Inflation can happen if the money supply grows faster than the economic output under otherwise normal economic circumstances. Inflation, or the rate at which the average price of goods or serves increases over time, can also be affected by factors beyond the money supply.
The theory most discussed when looking at the link between inflation and money supply is the quantity theory of money (QTM), but there are other theories that challenge it.
The quantity theory of money proposes that the exchange value of money is determined like any other good, with supply and demand. The basic equation for the quantity theory is called The Fisher Equation because it was developed by American economist Irving Fisher. In it's simplest form, it looks like this:
(M)(V)=(P)(T)where:M=Money SupplyV=Velocity of circulation (the number of times money changes hands)P=Average Price LevelT=Volume of transactions of goods and services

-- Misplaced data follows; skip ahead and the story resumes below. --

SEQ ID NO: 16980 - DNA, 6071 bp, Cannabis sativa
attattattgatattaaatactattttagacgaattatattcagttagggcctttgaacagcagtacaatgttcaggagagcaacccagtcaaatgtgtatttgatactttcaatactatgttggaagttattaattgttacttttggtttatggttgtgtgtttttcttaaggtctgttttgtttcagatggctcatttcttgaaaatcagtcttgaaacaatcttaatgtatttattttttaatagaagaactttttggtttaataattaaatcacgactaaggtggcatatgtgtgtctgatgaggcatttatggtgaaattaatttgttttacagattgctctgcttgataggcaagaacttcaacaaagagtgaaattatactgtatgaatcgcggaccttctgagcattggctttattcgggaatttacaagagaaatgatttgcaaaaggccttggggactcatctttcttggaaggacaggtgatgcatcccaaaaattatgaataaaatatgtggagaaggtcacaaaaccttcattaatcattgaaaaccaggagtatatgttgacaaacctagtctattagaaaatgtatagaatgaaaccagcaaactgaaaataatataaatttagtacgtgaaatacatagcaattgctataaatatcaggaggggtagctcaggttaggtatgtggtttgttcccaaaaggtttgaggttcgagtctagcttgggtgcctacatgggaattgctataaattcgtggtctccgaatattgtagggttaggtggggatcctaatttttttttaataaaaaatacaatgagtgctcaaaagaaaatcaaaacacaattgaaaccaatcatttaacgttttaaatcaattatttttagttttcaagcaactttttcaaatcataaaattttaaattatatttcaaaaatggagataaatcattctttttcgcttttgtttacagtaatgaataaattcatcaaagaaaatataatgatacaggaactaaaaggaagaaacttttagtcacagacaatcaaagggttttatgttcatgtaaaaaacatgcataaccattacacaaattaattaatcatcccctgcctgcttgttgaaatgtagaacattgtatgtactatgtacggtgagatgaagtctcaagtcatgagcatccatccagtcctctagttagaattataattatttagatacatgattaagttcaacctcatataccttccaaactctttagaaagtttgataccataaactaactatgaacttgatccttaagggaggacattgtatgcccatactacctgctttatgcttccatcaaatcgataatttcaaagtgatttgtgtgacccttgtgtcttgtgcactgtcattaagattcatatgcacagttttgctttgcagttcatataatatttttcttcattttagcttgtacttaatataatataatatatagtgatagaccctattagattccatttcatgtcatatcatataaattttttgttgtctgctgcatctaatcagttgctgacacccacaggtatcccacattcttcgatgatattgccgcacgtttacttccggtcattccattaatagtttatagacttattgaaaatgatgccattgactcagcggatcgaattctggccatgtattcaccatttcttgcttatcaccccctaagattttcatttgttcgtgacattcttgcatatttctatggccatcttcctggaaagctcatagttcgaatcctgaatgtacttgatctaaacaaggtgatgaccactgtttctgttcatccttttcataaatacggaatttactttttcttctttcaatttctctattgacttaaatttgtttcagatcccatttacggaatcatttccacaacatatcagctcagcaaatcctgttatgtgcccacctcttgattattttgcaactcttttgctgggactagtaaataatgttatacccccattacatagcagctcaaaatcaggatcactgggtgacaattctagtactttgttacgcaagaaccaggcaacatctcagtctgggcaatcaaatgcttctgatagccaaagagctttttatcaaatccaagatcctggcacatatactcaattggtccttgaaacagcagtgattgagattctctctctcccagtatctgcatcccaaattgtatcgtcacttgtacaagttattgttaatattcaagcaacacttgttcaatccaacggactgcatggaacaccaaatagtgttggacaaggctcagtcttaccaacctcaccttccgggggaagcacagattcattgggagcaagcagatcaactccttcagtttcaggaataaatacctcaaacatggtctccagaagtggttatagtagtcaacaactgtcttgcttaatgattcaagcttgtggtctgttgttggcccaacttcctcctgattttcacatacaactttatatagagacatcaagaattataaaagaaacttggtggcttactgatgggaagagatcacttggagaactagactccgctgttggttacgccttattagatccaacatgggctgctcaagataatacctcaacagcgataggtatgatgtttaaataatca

Some variants of the quantity theory propose that inflation and deflation occur proportionately to increases or decreases in the supply of money. Empirical evidence has not demonstrated this, and most economists do not hold this view.
A more nuanced version of the quantity theory adds two caveats:
- New money has to actually circulate in the economy to cause inflation.
- Inflation is relative—not absolute.
In other words, prices tend to be higher than they otherwise would have been if more dollar bills are involved in economic transactions.
Challenges to Quantity Theory
Keynesian and other non-monetarist economists reject orthodox interpretations of the quantity theory. Their definitions of inflation focus more on actual price increases, with or without money supply considerations.
According to Keynesian economists, inflation comes in two varieties: demand-pull and cost-push. Demand-pull inflation occurs when consumers demand goods, possibly because of the larger money supply, at a rate faster than production. Cost-push inflation occurs when the input prices for goods tend to rise, possibly because of larger money supply, at a rate faster than consumer preferences change.